Release Date:
Original Release:
First Independent
Region Code:

Special Features

Closed Caption; Outtakes; Q&A with Robert Siegel and Patton Oswalt ; Kevin Corrigan recalls his own "Big Fan" experience; Siegel and Oswalt interview with Terry Gross on NPR's "Fresh Air" ; Downloadable poster; Theatrical trailer

Cast & Crew

Performance Credits
Patton Oswalt Paul Aufiero
Kevin Corrigan Sal
Marcia Jean Kurtz Theresa Aufiero
Michael Rapaport Philadelphia Phil
Matt Servitto Det. Velardi
Gino Cafarelli Jeff Aufiero
Serafina Fiore Gina Aufiero
Jonathan Hamm Quantrell Bishop
Joe Garden Dennis
Polly Humphries Christine
Scott Ferrall Sports Dogg
Caroline Gallo Gina & Jeff's Daughter
Maya Louise Dispensza Christine & Dennis's Daughter
Sidné Anderson Hospital Doctor
Julian Lane Birthday Boy
Cookie Bradshaw Law Office Ad Woman

Technical Credits
Robert Siegel Director,Casting,Screenwriter
Elan Bogarin Producer
Vera Chow Costumes/Costume Designer
Jen Cohn Executive Producer
Nick Gallo Associate Producer
Jean Kouremetis Producer
Mike Loew Associate Producer
Sharoz Makarechi Production Designer
Michael Simmonds Cinematographer
Yori Tondrowski Asst. Director
Joshua Trank Co-producer,Editor
Philip Watts Score Composer,Sound/Sound Designer

Scene Index

Disc #1 -- Big Fan
1. Sports Talk [10:55]
2. Blitz the QB [9:53]
3. Sacked [12:37]
4. Inactive List [13:02]
5. Line of Scrimmage [11:51]
6. Turnover [7:31]
7. Behind Enemy Lines [12:35]
8. Unsportsmanlike Conduct [9:33]


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Big Fan 2 out of 5 based on 0 ratings. 2 reviews.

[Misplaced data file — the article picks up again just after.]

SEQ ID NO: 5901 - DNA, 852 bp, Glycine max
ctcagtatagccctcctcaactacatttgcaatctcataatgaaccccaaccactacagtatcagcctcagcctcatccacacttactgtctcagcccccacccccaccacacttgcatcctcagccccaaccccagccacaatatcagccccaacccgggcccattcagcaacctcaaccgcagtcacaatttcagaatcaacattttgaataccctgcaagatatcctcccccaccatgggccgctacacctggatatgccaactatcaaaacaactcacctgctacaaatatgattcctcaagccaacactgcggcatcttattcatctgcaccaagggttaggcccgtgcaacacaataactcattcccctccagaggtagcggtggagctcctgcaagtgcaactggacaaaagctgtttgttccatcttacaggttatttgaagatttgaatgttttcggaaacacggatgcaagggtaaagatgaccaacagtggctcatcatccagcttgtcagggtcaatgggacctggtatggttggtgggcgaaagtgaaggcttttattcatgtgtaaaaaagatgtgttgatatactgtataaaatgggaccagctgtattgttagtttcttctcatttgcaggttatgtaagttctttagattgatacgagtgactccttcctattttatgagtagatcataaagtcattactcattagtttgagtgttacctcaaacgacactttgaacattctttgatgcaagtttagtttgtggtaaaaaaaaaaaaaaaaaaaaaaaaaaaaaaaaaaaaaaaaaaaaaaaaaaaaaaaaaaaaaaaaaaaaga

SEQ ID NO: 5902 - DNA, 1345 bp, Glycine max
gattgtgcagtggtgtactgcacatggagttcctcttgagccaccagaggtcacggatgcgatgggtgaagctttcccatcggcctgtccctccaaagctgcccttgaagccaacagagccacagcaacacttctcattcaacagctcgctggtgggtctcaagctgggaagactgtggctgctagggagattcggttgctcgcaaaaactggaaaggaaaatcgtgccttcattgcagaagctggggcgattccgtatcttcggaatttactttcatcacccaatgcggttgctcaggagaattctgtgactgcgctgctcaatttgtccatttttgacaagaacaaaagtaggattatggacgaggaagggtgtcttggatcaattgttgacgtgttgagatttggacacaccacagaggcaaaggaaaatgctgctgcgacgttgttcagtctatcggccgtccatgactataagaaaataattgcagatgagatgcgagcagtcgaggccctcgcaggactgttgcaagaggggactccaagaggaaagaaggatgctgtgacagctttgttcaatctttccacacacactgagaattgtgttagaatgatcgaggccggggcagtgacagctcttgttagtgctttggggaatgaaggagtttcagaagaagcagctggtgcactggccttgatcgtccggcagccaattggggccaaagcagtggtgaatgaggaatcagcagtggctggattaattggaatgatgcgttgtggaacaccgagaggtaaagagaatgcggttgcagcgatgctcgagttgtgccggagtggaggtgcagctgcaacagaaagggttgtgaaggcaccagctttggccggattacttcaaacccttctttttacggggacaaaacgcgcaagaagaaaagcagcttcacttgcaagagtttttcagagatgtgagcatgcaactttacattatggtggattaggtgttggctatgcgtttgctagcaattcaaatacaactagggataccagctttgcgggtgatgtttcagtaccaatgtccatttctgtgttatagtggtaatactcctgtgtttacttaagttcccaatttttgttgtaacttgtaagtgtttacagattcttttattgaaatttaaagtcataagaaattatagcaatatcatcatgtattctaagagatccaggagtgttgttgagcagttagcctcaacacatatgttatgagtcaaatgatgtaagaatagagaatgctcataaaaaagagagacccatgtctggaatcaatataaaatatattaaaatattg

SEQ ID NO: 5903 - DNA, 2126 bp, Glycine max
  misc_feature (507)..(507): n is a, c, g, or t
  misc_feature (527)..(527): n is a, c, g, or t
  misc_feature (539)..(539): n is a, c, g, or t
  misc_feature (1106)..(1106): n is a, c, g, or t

Anonymous More than 1 year ago
It's a shame that the only other review of this film didn't get it. This ain't "Rudy", it's a beautiful character study of a lower middle class working stiff whose only hope in life is to march to victory vicariously, on the shoulders of Giants; The New York Giants. Paul's facade is that of the "#1 Giants fan", but in reality he's just an insecure guy who can't even call his favorite sports-talk show without a script in front of him. Of course he lives in his mother's basement, and takes relentless abuse from angry customers at the parking garage where he works. The deep pain he feels from his meager existence, however, is all forgotten when Sunday rolls around. Sadly the heroes he has exalted turn out to be worse than he is, as his sincere but naive appreciation of their greatness is shattered by the reality of who they are. Yet Paul remains loyal, even after his heart, and several bones are broken. The real enemy is a fan of the opposing team. The climactic scene when he finally confronts his radio call-in rival, Philadelphia Phil is both shocking and oddly hilarious when the truth is revealed. This is a story of hero worship gone terribly awry as Paul inadvertently unmasks his idol, only to discover that behind that facade is a face far uglier than his own. This is a sort of "Death of A Salesman" for sports fanatics. Paul is Willy Loman, in a way. He's a phony, but an endearing phony, who is just doing the best that he can. Let me be clear, this is not a great film, nor is it a particularly important one, but it is a very good story of the pathos of everyday existence, as we struggle to define ourselves in a world where those we hold up as heroes, are not worthy of the effort it takes to lift them there.
Anonymous More than 1 year ago
Maybe the worst movie I've ever wasted that much time on.